An investigation of pressure profiles and wearer comfort during walking with a transtibial hydrocast socket

Laing, S, Lythgo, N, Lavranos, J and Lee, P 2019, 'An investigation of pressure profiles and wearer comfort during walking with a transtibial hydrocast socket', American Journal of Physical Medicine and Rehabilitation, vol. 98, no. 3, pp. 199-206.


Document type: Journal Article
Collection: Journal Articles

Title An investigation of pressure profiles and wearer comfort during walking with a transtibial hydrocast socket
Author(s) Laing, S
Lythgo, N
Lavranos, J
Lee, P
Year 2019
Journal name American Journal of Physical Medicine and Rehabilitation
Volume number 98
Issue number 3
Start page 199
End page 206
Total pages 8
Publisher Lippincott Williams & Wilkins
Abstract Objective: to conduct an investigation of the transtibial hydrocast socket interface pressures during walking and explore potential relationships between pressures experienced and resultant wearer comfort. Design: In this cross-sectional study, pressure data at the limb and hydrocast socket interface during walking were collected from sixteen users of the hydrocast socket. The pressures at this interface were described by location, magnitude and duration for all participants and were compared between the most and least comfortable participants. Results: High pressures were found about the bony prominences of the residual limb, especially the tibial crest of the anterior distal region. Factors identified as potentially causing discomfort (p<0.1, d>0.80) were high peak pressures at the anterior proximal region, and longer durations of submaximal loading at the lateral proximal region and the anterior and medial distal regions. High pressure variability at the anterior proximal region may also contribute to discomfort (p=0.106, d=0.88). Conclusions: The hydrocast socket interface pressures have been described for a cohort of users. A number of differences were found in the pressure profiles of the most and least comfortable participants. These differences suggest trends between the identified pressure parameters and resultant wearer comfort. Future studies should confirm these exploratory results.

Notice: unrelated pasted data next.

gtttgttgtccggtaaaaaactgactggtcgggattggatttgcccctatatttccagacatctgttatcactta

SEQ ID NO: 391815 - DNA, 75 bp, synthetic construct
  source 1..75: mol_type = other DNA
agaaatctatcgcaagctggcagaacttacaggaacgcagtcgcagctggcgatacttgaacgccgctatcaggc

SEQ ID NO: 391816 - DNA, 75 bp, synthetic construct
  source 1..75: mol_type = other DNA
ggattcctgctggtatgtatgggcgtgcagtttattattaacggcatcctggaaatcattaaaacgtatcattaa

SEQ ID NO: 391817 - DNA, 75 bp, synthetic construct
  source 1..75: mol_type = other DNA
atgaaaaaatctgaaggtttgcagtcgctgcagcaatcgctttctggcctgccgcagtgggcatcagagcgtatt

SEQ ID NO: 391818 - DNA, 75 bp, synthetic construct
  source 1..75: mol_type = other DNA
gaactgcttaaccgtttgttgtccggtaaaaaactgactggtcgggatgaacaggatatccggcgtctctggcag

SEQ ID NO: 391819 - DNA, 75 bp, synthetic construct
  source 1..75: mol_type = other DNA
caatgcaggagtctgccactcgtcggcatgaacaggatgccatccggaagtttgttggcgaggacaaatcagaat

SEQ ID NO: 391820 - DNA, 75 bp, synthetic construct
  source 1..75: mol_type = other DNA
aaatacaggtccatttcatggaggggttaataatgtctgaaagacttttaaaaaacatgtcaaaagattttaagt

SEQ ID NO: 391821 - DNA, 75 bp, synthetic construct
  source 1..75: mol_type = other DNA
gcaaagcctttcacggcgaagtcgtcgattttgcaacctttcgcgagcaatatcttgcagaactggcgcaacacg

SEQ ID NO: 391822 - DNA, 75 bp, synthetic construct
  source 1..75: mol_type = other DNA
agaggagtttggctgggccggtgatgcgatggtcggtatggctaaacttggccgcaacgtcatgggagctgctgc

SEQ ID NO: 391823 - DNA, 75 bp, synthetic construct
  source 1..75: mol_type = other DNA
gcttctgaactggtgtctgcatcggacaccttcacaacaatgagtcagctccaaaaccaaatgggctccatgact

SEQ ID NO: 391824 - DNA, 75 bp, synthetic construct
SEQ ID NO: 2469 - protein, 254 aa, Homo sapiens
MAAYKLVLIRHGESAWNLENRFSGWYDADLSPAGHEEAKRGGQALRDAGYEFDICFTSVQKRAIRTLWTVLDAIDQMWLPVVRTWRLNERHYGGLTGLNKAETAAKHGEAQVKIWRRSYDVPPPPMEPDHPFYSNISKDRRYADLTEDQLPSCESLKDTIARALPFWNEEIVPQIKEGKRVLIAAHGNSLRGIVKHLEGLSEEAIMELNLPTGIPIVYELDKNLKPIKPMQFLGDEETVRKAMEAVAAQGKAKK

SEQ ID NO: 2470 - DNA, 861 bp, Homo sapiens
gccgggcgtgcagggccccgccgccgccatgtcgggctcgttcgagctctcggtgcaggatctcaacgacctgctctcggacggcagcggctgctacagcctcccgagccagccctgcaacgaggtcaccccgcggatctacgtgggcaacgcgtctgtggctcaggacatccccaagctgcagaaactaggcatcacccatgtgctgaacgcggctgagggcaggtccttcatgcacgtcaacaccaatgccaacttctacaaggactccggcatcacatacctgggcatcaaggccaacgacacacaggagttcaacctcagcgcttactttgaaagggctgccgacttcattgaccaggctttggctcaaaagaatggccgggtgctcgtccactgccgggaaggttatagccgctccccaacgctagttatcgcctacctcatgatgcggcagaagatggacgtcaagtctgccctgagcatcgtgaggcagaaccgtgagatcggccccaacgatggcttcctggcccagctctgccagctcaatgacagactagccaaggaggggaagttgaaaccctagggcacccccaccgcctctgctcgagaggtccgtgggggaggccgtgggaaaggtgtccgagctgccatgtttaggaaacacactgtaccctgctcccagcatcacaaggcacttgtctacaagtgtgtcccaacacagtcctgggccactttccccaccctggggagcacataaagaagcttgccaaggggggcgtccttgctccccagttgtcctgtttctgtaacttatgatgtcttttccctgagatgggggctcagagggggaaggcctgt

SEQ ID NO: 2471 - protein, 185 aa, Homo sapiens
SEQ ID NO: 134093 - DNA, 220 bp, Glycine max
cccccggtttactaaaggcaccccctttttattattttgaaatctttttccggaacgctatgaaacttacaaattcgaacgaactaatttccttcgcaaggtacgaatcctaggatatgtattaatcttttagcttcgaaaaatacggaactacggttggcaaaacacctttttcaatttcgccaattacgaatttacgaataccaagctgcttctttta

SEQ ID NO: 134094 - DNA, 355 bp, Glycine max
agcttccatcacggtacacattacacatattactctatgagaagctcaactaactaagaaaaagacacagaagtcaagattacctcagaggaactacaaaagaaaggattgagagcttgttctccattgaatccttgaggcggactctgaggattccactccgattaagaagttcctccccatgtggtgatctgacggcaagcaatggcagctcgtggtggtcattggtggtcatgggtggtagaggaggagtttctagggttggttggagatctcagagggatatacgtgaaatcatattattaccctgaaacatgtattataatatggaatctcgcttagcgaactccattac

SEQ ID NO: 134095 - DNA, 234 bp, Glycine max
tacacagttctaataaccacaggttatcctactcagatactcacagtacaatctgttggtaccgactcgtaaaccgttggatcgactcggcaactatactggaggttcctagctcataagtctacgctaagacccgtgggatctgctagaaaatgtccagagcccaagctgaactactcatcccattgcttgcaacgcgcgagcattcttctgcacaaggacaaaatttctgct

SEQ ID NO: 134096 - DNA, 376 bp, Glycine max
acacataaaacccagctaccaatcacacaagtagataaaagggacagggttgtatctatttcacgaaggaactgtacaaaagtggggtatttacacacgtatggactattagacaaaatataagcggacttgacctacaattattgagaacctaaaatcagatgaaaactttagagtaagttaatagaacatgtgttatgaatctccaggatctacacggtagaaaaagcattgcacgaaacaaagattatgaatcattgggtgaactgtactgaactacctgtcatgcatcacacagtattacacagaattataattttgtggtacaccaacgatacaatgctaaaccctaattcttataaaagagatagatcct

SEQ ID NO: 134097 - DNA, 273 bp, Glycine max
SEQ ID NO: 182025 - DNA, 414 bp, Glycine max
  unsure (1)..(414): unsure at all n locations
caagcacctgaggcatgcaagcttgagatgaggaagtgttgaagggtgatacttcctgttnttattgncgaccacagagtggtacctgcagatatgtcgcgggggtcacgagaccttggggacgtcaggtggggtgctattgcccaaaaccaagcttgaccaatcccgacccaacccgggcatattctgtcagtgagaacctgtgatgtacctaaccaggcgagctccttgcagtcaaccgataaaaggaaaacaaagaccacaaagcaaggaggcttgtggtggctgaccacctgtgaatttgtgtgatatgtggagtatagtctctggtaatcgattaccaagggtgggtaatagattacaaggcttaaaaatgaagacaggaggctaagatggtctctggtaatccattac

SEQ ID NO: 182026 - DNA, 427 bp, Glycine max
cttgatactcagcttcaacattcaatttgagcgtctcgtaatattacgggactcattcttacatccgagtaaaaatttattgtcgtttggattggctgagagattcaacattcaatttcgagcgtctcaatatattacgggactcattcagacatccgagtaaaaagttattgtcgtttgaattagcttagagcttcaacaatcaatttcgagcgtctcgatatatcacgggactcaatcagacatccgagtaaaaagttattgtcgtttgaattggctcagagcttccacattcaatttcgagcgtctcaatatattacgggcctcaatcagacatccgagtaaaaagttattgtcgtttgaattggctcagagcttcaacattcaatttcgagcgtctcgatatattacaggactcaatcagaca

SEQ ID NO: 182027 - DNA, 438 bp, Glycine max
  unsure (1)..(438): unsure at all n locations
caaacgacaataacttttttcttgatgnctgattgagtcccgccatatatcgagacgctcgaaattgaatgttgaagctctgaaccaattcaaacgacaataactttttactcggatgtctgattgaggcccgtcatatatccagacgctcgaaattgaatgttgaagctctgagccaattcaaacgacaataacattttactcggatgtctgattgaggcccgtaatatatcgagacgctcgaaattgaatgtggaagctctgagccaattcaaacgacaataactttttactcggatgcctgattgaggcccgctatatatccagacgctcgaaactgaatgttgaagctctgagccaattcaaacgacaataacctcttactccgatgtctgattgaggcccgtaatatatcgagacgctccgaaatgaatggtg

Subject Rehabilitation and Therapy (excl. Physiotherapy)
Biomechanics
Keyword(s) hydrocasting
transtibial amputation
prosthetic socket
pressure
PCAST
DOI - identifier 10.1097/PHM.0000000000001043
Copyright notice © 2019 Wolters Kluwer Health
ISSN 0894-9115
Versions
Version Filter Type
Citation counts: TR Web of Science Citation Count  Cited 0 times in Thomson Reuters Web of Science Article
Scopus Citation Count Cited 0 times in Scopus Article
Altmetric details:
Access Statistics: 8 Abstract Views  -  Detailed Statistics
Created: Thu, 23 May 2019, 08:44:00 EST by Catalyst Administrator
© 2014 RMIT Research Repository • Powered by Fez SoftwareContact us